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Aidan Baker - I Fall Into You

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Artist: Aidan Baker

Album: I Fall Into You

Label: Public Eyesore

Review date: Feb. 27, 2003

Fantastic Voyage

It begins with something that could be the sound of DNA gently floating in a mitochondrial soup, and ends with an ambient texture piece with lyrics culled from a particularly dense passage from Milton's "Paradise Lost." In between lies an intriguing exploration of worlds of tactile sensualism (a topographic map of the skin, as it were) and a deeper look at the inner forces and powerful unseen drives that lurk below. It's a dense and prickly world created on I Fall Into You, by Canadian guitarist, loopist, and lyricist Aidan Baker (he's also worked as a writer of poetry and fiction, and his works in the written word deal with similar inner concerns of language, sensuality and the darker side of the psyche).

The highlight of the whole disc is the mesmerizing two-guitar gamelan of "Symbiosis," a place where wafting, repetitive guitars merge with gently tumescent drumlike sounds until no instrument is truly distinct throughout its 10 ambient minutes. The centerpiece of the five-song disc is the nearly 25-minute "Lysis," which opens with vocalist Naomi Okabe blankly intoning the phrase, "I fall into you and replicate." There's some significance to this multi-layered, seemingly inscrutable lyrical phrase – indeed the lyric itself can be seen as a tool to describe Baker's music. It can even take on different possible meanings with each different listen: the sense one makes of the phrase on the fourth time through the CD can be significantly different from the first time, or the fifth. It's an ambiguity that hangs, that changes and morphs, much like the music itself in all five of these pieces. The title phrase resurfaces again later, during "Phage", a one-minute spoken-word piece that oddly enough recalls the Velvet Undergound's "Lady Godiva's Operation," with two completely different sets of words happening simultaneously in either speaker.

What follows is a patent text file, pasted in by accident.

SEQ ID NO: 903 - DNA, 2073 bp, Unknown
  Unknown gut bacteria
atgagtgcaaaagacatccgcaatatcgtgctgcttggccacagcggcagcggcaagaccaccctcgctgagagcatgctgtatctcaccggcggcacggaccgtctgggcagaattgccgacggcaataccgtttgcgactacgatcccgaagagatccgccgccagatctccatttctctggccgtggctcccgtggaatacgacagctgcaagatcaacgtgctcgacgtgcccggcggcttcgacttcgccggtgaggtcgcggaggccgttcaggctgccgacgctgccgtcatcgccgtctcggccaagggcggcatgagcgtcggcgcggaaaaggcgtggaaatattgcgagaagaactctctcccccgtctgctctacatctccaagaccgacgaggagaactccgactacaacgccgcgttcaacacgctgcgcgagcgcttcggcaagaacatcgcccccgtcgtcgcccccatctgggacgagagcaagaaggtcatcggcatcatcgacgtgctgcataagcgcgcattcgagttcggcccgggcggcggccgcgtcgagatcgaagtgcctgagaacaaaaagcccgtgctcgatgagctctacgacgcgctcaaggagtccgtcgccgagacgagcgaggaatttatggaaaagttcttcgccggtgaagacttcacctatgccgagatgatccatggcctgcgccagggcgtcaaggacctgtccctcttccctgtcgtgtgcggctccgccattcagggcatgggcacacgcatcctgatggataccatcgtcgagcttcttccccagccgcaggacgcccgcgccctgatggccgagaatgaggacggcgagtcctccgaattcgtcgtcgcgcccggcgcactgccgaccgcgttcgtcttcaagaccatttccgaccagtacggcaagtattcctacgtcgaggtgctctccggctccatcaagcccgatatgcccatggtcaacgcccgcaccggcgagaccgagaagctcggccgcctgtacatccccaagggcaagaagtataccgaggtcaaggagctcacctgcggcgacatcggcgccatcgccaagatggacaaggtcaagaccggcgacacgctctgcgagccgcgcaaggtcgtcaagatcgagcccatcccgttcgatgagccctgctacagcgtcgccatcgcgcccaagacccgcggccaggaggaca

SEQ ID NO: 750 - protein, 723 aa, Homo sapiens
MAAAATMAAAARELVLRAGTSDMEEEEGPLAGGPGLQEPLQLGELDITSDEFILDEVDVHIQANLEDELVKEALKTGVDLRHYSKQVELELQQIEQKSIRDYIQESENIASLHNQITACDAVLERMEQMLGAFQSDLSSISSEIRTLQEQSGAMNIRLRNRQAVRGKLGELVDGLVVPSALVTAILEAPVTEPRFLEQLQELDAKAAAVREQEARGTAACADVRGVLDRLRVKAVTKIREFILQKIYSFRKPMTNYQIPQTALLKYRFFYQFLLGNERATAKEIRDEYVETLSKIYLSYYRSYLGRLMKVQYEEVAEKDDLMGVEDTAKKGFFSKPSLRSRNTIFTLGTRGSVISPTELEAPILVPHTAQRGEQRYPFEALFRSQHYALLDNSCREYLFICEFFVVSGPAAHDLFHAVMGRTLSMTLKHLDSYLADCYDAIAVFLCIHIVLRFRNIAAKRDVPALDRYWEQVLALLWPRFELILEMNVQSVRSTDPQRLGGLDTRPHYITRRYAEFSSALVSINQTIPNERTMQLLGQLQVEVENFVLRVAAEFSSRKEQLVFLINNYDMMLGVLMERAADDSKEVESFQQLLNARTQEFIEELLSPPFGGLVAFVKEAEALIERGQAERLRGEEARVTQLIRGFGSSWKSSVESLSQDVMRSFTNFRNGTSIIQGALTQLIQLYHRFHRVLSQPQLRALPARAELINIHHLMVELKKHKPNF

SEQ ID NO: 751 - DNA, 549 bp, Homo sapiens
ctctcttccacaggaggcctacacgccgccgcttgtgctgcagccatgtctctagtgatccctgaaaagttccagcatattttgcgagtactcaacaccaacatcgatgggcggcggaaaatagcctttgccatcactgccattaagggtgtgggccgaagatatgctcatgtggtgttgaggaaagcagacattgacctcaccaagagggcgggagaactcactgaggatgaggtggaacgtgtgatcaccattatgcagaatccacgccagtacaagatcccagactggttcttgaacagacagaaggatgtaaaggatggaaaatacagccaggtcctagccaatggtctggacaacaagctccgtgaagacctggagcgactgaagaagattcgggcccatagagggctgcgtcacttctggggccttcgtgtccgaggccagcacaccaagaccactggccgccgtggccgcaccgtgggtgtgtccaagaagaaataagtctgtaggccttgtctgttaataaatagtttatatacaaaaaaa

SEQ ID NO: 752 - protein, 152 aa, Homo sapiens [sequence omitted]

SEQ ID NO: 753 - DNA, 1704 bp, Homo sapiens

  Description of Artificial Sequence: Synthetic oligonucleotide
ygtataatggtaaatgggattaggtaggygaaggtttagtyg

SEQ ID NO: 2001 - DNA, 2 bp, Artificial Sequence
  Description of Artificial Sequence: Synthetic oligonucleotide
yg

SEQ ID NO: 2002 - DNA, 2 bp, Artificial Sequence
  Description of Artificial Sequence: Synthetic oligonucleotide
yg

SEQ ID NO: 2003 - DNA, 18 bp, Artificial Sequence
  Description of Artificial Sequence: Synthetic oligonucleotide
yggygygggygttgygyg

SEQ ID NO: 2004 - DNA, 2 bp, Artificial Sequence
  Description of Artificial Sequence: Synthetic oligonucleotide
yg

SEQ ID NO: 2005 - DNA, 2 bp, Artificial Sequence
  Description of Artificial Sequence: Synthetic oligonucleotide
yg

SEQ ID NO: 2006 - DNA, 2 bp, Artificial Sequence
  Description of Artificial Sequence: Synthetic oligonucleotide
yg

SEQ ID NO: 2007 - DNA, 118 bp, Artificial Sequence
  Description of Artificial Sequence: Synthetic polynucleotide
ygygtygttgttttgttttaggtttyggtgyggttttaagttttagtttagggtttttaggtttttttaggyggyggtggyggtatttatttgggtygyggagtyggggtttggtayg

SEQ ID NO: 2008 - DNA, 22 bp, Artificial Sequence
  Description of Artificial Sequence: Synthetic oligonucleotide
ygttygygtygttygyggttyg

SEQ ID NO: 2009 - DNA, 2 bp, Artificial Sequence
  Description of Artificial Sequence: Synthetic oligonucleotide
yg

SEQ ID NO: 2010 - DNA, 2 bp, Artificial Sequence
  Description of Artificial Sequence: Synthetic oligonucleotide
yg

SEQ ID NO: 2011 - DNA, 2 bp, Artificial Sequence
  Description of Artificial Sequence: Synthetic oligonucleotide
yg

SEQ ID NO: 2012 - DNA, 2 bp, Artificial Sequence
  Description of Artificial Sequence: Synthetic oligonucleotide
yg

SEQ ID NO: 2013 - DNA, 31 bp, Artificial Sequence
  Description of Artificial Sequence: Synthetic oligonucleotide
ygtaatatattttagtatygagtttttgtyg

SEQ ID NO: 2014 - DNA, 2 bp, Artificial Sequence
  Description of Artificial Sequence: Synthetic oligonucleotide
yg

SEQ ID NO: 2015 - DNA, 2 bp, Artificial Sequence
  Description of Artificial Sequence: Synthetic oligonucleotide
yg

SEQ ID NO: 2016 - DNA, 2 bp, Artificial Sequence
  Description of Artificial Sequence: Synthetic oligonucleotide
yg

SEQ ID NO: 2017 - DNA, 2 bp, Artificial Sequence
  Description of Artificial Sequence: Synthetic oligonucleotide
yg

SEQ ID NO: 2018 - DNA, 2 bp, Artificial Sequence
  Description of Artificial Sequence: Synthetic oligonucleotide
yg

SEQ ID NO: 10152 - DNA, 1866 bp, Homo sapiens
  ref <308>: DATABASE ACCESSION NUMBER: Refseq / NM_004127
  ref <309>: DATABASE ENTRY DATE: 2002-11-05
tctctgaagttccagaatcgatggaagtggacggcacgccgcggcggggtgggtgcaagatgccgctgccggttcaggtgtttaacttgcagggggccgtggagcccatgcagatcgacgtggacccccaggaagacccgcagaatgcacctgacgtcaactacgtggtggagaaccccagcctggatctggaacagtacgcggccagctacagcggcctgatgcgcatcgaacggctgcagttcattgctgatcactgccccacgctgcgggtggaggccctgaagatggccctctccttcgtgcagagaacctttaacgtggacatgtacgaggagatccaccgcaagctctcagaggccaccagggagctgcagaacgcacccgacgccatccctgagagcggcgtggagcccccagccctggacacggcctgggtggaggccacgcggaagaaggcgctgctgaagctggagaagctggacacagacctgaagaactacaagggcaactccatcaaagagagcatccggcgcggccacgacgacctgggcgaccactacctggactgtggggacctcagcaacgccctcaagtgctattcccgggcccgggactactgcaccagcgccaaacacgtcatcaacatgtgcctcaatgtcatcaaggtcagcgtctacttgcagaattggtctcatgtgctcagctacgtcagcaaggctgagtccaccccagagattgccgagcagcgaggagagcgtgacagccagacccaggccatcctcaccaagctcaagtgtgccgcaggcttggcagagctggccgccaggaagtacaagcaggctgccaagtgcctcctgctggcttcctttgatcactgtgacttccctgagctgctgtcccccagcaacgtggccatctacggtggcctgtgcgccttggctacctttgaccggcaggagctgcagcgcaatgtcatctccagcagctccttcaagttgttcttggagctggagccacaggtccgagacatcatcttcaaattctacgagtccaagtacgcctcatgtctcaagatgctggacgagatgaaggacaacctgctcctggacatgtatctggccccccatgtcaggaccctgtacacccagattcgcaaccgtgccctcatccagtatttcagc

Those who wish to carp might point out that Baker maps out similar terrain as others before, such as Michael Brook, Biota, or even Brian Eno. But the important thing to remember is a lesson that Brian Eno himself explicitly set forth: the beauty and strength of any ambient or instrumental music lies precisely in its alien quality of strangeness and unfamiliarity, its inherent newness to the ears, an experience much like looking at a topographic map of an unfamiliar place, or viewing up-close surface photographs of distant planets that have been beamed to us from faraway spacecraft. There are colossal canyons you've never seen before, unexpected meteorology lighting the skies, and even boring desert vistas that cry out in utter plainness, but even the plainest desert contains an unexplainable beauty just for being so different and unfamiliar. In that sense, I Fall Into You is all about exploring the cartography of an uncharted place: looking around, searching for recognition, or even surrendering to one's surroundings and just taking it all in.

The fact that Baker has done so much with far fewer resources (4-track, sparse equipment, one month of recording) than any of his immediate reference points is in itself a victory for ambient music's inherent Everyman quality. But what's even more impressive, is the fact that Aidan Baker is presenting us with ambient instrumental music that isn't just a map of some exotic fictional Roger Dean-type planetscape, but a view of the darkest parts of the human interior itself.

By Dusted Magazine

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